Children are seen as emergent readers and writers, who bring to school with them a whole variety of skills and knowledge with which the teacher can work with. As language and literacy (or English) teachers, it is up to us to analyse and asses the needs of children according to; theories of development (Piaget, Vygotsky, Wilkinson, Luke & Freebody), developmental practices (socio-cultural), prior knowledge (grammar, punctuation, orthography, text-types), establish their skills base (reading [invented spelling], writing) to help determine what phase children are in according to their stage of development, what there ZPD’s are, and thus establish a teaching strategy to help scaffold their learning, giving them the skills to enter society as literate adults, as summed up by Gardner (Gardner & Brockman, 2000): ‘I want people at the end of their education to understand the world in ways that they couldn’t have understood it before their
Assignment TDA 3.11 Supporting Literacy Development Assessor: Samantha Pearson Qualified – CACHE Level Three Supporting Teaching and Learning in Schools The opportunity to apply for a specialist responsibility in supporting literacy development has arisen in your educational environment. For your interview you have been asked to prepare information to show that you can: Literacy means the ability to read and write. Only recently has the word ‘literacy’ been applied as the definitive term for reading and writing, mostly since the introduction of the National Literacy Strategy in schools. The skills of reading and writing complement each other and develop together, it therefore makes sense to use the term ‘literacy’. Reading and writing are forms of communication based on the spoken language.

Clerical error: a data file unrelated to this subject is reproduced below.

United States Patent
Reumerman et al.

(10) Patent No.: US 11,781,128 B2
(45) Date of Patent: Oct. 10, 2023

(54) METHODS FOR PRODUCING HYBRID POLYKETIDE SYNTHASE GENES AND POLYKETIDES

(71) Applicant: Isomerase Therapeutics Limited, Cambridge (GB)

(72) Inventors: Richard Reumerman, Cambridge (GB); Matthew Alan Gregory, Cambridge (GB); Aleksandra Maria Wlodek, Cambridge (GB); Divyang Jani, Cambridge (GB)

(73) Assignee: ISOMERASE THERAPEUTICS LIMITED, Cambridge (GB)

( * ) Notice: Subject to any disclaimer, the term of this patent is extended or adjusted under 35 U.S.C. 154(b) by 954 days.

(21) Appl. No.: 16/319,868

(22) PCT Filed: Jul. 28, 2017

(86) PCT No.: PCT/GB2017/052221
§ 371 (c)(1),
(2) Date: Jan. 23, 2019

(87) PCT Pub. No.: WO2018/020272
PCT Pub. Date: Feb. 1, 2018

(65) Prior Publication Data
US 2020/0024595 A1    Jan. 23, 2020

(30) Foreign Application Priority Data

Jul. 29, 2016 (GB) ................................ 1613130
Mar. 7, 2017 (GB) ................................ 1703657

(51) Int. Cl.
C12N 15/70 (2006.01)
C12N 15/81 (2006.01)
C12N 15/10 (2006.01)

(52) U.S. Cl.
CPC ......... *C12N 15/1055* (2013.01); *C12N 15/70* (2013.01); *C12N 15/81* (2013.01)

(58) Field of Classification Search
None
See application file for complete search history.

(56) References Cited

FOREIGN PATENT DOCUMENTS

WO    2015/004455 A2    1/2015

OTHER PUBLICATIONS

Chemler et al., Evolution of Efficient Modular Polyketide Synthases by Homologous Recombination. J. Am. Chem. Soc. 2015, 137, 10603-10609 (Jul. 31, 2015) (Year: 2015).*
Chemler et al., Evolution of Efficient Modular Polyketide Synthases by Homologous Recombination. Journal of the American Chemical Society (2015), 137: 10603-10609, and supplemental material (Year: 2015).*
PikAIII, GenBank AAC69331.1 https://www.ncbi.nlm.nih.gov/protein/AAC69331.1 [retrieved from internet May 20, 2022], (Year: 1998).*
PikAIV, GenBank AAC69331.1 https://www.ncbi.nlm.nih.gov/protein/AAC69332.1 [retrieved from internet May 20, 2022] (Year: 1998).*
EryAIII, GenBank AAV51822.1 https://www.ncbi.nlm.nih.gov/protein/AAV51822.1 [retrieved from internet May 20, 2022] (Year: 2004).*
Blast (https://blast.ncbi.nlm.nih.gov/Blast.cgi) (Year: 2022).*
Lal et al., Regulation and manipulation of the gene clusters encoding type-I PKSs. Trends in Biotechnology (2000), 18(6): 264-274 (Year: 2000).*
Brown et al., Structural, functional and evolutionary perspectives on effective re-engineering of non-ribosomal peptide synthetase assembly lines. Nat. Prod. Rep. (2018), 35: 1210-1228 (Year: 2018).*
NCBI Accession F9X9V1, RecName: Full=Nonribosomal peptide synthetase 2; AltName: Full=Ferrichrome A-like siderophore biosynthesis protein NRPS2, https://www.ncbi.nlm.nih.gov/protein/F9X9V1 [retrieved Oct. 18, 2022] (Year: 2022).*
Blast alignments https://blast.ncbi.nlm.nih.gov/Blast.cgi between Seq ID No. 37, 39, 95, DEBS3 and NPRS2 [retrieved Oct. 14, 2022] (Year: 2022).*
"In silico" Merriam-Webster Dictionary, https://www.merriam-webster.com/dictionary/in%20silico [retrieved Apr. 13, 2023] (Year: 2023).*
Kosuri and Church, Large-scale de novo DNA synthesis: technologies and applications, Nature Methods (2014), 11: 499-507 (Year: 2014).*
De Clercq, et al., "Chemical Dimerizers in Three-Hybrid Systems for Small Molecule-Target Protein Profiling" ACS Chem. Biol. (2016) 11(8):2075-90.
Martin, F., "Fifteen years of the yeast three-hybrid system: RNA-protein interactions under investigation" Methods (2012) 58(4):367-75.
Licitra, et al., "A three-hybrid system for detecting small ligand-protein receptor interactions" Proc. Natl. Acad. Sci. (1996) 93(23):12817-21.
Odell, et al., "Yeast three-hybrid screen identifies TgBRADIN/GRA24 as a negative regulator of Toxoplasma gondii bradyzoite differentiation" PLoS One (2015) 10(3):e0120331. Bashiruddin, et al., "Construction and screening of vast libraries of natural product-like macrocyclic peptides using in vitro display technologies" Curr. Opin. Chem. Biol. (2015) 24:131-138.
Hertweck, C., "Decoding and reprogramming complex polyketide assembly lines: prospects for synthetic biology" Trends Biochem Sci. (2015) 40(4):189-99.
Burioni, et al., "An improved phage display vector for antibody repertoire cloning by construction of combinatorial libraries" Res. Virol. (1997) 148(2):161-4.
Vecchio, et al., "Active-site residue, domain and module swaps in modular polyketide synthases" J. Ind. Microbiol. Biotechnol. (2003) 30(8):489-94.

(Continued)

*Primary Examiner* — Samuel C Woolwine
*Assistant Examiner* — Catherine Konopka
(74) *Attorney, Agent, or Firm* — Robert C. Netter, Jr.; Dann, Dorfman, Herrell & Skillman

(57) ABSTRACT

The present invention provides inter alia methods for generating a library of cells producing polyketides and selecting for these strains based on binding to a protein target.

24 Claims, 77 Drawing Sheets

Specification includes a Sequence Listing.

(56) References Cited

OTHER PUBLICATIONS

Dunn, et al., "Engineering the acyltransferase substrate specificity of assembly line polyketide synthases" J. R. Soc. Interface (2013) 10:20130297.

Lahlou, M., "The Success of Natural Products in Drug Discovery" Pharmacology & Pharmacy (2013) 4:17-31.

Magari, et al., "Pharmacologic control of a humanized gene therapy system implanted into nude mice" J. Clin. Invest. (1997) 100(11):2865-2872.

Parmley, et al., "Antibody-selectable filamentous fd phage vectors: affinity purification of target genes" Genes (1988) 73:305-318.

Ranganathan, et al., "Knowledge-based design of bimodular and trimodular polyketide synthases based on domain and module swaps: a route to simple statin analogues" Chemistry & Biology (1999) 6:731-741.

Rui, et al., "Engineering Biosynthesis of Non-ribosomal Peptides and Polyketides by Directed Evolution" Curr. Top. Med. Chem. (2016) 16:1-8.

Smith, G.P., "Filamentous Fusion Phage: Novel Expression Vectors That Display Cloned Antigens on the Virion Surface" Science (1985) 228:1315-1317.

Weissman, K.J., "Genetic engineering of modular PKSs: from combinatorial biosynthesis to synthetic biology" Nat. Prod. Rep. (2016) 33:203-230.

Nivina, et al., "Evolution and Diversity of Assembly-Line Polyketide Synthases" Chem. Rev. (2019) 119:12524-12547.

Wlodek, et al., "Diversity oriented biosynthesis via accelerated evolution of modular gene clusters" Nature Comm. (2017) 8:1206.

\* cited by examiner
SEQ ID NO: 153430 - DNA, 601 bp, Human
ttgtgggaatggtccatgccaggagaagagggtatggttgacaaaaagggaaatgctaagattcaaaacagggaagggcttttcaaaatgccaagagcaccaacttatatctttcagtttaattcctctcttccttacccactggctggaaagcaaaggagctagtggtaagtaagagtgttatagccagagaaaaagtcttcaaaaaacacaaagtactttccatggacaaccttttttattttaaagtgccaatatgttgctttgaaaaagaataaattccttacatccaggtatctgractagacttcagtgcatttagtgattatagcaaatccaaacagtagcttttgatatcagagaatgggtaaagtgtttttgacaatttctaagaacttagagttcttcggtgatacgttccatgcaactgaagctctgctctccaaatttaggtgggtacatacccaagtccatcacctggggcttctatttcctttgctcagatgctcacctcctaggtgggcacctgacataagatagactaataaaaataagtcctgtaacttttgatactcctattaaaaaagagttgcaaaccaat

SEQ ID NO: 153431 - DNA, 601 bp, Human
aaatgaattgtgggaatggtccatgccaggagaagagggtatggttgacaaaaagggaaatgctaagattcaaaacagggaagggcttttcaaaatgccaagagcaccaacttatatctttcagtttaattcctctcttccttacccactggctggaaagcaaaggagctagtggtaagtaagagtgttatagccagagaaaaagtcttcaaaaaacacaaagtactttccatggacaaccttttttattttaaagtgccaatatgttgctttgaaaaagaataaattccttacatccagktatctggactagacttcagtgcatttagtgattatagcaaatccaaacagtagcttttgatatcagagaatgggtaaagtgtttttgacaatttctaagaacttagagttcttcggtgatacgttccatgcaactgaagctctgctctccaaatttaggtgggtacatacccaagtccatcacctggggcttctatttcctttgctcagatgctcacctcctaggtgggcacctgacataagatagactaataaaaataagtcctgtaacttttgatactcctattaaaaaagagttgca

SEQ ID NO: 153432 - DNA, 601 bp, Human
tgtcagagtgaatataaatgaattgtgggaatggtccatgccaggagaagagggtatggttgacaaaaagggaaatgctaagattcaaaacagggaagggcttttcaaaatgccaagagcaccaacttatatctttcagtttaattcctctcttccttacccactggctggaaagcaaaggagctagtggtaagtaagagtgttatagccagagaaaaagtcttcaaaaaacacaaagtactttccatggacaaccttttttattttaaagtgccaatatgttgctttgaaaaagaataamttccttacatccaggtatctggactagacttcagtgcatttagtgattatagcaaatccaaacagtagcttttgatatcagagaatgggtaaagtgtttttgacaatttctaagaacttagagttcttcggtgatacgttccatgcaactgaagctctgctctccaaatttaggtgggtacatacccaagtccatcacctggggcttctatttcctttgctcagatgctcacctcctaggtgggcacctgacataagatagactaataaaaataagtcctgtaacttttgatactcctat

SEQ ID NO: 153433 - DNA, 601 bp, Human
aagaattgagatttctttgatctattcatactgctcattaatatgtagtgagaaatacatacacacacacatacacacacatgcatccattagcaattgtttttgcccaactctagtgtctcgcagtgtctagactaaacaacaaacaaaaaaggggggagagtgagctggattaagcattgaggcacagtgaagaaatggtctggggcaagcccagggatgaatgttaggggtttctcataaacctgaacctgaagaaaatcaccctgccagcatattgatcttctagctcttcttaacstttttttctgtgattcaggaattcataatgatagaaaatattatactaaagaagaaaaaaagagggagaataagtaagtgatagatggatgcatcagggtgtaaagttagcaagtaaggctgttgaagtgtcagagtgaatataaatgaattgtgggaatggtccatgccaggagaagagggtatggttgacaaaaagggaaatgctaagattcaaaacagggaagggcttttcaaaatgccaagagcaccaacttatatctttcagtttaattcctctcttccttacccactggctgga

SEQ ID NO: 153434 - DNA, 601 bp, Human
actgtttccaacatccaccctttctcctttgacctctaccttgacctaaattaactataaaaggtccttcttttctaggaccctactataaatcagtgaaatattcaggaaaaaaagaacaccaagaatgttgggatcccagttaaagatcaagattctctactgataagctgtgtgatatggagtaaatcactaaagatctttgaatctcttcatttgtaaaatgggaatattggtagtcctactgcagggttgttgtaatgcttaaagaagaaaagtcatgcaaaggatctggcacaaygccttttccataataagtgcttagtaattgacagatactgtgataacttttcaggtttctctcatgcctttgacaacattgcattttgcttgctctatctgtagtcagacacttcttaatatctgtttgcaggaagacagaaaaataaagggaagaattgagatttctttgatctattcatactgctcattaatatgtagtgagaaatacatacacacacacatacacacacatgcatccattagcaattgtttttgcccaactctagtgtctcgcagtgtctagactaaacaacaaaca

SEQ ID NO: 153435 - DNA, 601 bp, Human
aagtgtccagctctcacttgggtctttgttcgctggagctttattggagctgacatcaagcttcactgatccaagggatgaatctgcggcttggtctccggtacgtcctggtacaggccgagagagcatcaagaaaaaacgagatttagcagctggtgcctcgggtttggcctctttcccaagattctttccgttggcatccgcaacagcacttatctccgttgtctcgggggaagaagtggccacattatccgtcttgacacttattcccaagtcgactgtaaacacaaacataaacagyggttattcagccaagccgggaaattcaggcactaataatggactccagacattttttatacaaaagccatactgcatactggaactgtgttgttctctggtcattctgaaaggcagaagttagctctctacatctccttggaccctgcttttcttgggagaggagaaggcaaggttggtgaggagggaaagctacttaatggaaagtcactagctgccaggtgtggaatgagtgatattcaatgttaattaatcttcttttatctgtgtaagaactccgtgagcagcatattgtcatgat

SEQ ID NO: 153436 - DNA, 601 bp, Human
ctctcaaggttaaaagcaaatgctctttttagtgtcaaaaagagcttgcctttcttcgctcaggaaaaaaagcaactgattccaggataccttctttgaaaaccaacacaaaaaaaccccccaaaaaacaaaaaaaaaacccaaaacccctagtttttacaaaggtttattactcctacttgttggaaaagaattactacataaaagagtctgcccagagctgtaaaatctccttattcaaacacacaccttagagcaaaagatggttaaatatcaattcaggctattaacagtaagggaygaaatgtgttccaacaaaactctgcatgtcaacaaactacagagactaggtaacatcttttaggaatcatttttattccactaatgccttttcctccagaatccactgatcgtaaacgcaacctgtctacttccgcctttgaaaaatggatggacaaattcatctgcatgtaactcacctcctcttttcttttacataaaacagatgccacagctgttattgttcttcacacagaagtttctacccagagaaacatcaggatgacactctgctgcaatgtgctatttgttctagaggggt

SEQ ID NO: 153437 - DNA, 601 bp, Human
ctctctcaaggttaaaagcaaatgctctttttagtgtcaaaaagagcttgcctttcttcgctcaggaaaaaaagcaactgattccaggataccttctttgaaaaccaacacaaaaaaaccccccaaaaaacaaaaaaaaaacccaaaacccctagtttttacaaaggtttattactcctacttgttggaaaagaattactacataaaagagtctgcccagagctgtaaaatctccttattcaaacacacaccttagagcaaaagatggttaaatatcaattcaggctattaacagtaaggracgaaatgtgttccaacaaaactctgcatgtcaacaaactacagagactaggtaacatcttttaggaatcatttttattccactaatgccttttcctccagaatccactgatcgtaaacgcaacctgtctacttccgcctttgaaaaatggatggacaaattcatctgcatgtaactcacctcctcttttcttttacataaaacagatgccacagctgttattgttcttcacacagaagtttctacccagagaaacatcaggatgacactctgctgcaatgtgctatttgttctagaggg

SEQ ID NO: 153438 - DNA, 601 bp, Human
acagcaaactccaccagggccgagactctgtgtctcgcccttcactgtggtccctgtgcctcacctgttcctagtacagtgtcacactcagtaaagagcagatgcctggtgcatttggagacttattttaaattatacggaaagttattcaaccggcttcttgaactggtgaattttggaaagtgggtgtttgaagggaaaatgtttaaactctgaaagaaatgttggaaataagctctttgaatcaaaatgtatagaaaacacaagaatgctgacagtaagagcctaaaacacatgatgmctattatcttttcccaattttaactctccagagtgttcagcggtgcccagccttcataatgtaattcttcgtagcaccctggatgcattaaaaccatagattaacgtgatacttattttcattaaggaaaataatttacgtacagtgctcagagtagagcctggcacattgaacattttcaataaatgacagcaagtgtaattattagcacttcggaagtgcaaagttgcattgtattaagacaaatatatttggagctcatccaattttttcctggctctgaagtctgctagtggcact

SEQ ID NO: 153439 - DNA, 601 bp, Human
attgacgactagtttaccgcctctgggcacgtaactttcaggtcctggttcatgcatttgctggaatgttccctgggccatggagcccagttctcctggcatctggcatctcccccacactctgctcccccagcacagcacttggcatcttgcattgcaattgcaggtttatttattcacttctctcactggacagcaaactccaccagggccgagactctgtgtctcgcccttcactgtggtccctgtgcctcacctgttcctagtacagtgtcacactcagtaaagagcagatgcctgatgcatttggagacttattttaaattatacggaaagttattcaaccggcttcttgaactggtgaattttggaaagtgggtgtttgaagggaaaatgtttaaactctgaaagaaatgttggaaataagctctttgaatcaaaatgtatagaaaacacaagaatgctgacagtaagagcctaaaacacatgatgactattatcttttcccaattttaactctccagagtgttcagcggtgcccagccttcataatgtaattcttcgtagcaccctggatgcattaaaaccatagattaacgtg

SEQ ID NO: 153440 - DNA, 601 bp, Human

• Teachers need to regularly and systematically use multiple indicators to assess and monitor children’s progress in reading and writing. The research-based statement stresses that for children to become skilled readers, they need to develop a rich language and conceptual knowledge base, a broad and deep vocabulary, and verbal reasoning abilities to understand messages conveyed through print. At the same time, it recognizes that children also must develop code-related skills: an understanding that spoken words are composed of smaller elements of speech (phonological awareness), the idea that letters represent these sounds (the alphabetic principle), and the knowledge that there are systematic correspondences between sounds and spellings. But to attain a high level of skill, young children need many opportunities to develop these strands interactively, not in isolation. Meaning, not sounds or letters, drives children’s earliest experiences with print.